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USA 1946
Directed by
Lewis Milestone
117 minutes
Rated PG

Reviewed by
Bernard Hemingway
3 stars

The Strange Love Of Martha Ivers

 Lewis Milestone's film is set in 1928 in Iverstown  a fictional mill-town owned by Mrs Ivers (Judith Anderson, best known for her iconic performance as Mrs Danvers in Rebecca,1940). Martha Ivers (Barbara Stanwyck) is her niece, the offspring of a marriage between Mrs Ivers' sister and a factory hand. Both parents are dead and Mrs Ivers is trying to groom Martha for succession but the girl has inherited her father’s bad blood.

The film opens with Martha being caught attempting to run off with Sam Masterson (Van Heflin), a youth from the wrong side of the tracks, She is returned home and in an ensuing fight with her aunt, the latter falls down the stairs and is killed. Sam flees but the incident is witnessed by Walter O'Neil (Kirk Douglas) the goody two-shoes son of Martha's crawling tutor. The latter sees an opportunity to advance his son’s position and so they cover up the evidence, blaming a unknown assailant. We find out later that in order to close the case the now-married Martha and Walter, the latter now also the D.A., pin the murder on some bum and send him to the gallows.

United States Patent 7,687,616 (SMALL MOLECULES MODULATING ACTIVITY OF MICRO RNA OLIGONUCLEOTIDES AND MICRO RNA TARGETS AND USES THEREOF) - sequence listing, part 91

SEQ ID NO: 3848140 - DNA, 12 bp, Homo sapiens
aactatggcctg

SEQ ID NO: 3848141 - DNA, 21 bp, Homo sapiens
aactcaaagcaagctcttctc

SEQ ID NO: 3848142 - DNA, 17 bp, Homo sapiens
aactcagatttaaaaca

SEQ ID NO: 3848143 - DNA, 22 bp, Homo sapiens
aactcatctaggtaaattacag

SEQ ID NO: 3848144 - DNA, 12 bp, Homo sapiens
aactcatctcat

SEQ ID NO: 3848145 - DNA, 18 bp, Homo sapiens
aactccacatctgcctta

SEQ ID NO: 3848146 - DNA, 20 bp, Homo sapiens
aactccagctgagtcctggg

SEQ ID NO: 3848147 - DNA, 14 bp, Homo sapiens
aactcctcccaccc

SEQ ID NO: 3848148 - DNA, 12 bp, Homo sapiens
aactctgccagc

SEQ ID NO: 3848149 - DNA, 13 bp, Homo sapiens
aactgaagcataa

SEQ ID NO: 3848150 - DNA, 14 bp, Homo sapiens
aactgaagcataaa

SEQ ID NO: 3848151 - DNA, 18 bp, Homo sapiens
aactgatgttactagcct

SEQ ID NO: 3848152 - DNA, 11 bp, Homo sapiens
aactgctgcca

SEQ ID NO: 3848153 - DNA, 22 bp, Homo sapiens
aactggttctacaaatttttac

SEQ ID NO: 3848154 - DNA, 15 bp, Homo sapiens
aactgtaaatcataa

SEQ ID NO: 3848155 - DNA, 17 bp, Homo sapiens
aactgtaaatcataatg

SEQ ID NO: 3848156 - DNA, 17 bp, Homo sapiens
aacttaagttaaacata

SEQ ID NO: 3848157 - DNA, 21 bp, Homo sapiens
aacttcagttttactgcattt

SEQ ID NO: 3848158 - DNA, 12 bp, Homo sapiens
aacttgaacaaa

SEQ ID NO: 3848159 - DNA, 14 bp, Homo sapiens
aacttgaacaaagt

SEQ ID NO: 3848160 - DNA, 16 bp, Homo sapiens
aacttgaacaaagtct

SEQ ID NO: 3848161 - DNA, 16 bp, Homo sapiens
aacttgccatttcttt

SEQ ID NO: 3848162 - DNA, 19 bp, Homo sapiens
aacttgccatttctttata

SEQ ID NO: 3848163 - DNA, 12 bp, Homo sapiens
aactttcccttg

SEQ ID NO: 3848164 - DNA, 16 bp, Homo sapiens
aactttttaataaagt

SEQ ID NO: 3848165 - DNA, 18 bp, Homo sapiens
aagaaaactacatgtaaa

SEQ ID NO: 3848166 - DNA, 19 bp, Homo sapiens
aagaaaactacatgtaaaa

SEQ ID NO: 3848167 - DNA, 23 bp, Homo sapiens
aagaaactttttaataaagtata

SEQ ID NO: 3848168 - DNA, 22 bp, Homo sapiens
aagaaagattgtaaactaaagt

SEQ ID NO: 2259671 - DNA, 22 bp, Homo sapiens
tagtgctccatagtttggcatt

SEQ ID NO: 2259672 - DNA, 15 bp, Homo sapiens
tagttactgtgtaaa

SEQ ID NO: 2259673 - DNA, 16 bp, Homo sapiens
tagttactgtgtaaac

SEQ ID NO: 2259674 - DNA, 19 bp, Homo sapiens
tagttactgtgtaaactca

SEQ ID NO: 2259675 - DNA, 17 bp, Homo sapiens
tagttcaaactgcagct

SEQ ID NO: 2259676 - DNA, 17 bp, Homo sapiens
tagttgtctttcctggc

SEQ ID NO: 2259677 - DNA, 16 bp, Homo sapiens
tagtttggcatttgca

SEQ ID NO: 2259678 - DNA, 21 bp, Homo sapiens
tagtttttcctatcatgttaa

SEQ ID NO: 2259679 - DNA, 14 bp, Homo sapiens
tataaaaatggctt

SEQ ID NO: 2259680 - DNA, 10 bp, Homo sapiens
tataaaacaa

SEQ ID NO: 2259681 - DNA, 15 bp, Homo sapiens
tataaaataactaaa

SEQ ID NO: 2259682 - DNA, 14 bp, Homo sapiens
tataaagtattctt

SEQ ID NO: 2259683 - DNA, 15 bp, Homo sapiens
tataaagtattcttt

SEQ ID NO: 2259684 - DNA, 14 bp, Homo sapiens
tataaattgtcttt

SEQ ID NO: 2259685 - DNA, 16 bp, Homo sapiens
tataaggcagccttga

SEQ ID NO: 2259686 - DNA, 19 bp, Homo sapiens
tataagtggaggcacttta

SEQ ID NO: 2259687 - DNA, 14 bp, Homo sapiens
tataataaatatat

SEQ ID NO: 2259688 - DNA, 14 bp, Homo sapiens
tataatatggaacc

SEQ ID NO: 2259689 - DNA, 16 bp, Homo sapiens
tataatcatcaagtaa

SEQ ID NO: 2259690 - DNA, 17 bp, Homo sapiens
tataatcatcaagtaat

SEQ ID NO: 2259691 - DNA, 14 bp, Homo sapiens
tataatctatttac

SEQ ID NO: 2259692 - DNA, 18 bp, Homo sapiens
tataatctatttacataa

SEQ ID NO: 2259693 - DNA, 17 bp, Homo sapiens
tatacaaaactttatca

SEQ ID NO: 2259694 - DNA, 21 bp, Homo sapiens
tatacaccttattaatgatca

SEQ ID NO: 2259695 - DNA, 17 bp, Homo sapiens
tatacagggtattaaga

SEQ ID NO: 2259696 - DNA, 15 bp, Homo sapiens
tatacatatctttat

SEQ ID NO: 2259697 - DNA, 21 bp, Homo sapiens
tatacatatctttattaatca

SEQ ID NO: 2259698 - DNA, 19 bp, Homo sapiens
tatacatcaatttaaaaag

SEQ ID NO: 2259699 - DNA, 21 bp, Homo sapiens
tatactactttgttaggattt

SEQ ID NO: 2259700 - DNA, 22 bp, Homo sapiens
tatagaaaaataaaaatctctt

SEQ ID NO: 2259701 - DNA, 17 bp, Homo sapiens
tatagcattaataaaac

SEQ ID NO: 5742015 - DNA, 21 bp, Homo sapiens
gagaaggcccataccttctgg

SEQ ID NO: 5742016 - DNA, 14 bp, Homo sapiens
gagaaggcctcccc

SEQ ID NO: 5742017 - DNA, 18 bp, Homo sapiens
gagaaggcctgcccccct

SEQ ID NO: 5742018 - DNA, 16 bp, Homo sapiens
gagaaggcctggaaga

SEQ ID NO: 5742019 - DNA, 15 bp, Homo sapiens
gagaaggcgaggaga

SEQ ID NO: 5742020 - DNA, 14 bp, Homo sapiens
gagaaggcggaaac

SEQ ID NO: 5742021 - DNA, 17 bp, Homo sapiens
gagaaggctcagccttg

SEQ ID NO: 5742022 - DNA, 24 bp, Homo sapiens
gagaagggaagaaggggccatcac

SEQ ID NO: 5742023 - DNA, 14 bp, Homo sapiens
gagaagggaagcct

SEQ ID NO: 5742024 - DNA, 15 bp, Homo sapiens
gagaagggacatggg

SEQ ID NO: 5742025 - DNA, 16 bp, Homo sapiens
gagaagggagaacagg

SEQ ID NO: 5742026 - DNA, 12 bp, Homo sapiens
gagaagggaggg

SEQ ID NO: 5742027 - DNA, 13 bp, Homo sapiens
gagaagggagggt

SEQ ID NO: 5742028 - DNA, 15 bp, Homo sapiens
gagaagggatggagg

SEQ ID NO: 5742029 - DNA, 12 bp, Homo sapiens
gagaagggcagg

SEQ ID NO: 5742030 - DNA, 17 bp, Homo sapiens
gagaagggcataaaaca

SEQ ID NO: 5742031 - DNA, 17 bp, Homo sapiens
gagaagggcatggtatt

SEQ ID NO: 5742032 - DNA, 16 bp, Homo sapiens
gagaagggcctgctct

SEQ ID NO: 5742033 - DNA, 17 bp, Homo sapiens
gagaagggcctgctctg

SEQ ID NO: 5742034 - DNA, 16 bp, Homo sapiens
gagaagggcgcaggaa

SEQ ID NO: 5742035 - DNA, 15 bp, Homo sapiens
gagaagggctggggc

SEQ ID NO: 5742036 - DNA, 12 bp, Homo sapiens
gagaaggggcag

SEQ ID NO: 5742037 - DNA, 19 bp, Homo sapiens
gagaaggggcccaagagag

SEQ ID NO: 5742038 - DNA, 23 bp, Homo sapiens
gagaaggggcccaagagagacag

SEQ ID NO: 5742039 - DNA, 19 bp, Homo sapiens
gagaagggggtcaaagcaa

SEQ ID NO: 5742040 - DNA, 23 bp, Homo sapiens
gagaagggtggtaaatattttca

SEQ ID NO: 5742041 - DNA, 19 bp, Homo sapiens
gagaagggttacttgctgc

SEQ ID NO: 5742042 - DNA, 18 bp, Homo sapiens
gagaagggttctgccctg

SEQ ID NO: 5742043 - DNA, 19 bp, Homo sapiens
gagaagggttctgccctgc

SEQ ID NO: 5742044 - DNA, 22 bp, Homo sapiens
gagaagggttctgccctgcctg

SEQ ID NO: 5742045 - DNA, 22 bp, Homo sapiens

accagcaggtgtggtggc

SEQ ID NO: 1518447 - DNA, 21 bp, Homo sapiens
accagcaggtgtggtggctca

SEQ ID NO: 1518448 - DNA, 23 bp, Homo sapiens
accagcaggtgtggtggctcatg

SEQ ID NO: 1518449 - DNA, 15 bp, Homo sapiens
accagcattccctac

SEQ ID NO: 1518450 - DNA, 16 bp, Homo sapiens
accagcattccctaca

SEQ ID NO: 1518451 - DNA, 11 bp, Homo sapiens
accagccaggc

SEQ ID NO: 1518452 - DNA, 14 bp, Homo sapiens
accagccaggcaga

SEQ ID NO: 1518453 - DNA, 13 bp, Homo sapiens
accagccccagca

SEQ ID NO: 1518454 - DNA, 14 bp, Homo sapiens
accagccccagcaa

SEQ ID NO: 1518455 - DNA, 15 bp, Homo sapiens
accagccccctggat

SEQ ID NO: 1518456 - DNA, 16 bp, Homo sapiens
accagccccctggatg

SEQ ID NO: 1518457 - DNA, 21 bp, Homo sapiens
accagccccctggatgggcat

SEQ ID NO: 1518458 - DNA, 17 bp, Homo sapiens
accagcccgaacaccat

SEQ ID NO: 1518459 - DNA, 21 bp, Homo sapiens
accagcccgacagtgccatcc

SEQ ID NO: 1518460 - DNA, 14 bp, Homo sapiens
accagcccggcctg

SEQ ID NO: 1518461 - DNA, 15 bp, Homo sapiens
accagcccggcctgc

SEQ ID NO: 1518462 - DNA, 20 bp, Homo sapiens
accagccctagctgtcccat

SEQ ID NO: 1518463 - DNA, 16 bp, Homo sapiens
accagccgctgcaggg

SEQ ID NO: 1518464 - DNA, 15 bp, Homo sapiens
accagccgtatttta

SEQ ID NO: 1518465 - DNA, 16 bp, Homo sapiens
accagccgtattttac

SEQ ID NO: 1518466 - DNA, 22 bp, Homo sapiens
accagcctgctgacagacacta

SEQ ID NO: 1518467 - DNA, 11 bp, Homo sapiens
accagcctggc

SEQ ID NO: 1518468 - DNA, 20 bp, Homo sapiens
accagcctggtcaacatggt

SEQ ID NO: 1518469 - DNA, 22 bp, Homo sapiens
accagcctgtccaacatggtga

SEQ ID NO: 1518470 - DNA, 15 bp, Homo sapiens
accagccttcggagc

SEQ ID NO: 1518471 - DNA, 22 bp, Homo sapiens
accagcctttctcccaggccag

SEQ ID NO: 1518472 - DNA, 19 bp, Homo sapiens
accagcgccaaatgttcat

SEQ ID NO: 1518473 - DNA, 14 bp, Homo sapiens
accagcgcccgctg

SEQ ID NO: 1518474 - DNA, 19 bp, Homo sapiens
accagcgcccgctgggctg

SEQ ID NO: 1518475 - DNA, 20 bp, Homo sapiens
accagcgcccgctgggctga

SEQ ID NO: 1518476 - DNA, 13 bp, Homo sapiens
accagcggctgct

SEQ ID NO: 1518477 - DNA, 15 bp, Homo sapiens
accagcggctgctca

Seventeen years go by and Sam returns to Iverstown. In the twinkling of an eye he has fallen in with just-released jailbird Toni Marachek (Lizabeth Scott) who has defaulted on her parole. When Sam tries to get Walter to spring her he unwittingly opens old wounds, leading to tragedy.

The Strange Love of Martha Ivers is a noirish Gothic pot-boiler that never makes the best of its florid elements as it tries to shoehorn a story of marvellous misanthropy into the standard good-triumphs-over-evil Hollywood scenario even managing to wrest a happy ending from the tawdriness. Most incongruous is the characterisation of Sam. In essence he is a hustler, a professional gambler arrested many times, including once for murder, although never convicted. He plays the knight-in-shining-armour to Scott’s Toni but when he discovers that he’s got an angle on Martha dumps Toni for the big money. Then when he realizes that Martha’s a ruthless bitch he heads for the moral high ground. Scott’s improbably gorgeous Toni is not much more convincingly defined, on the one hand a petty thief and apparently not averse to "accepting gifts" (as the film euphemistically puts it) from men, she is presented as sweetly vulnerable. Scott, an actress whose career was apparently stymied by her lesbianism, is nevertheless captivating in the role.

Kirk Douglas, in his film debut, is miscast and fails to convince as Martha’s self-loathing, spineless husband and only Stanwyck, in what is very much her stock-in-trade persona, manages to put across her ambiguous character with its combination of hard-as-nails self-interest and yearning loneliness. A strange love indeed.

FYI: Robert Riskin and Robert Rossen’s script was based on an Oscar-nominated original story by John Patrick.






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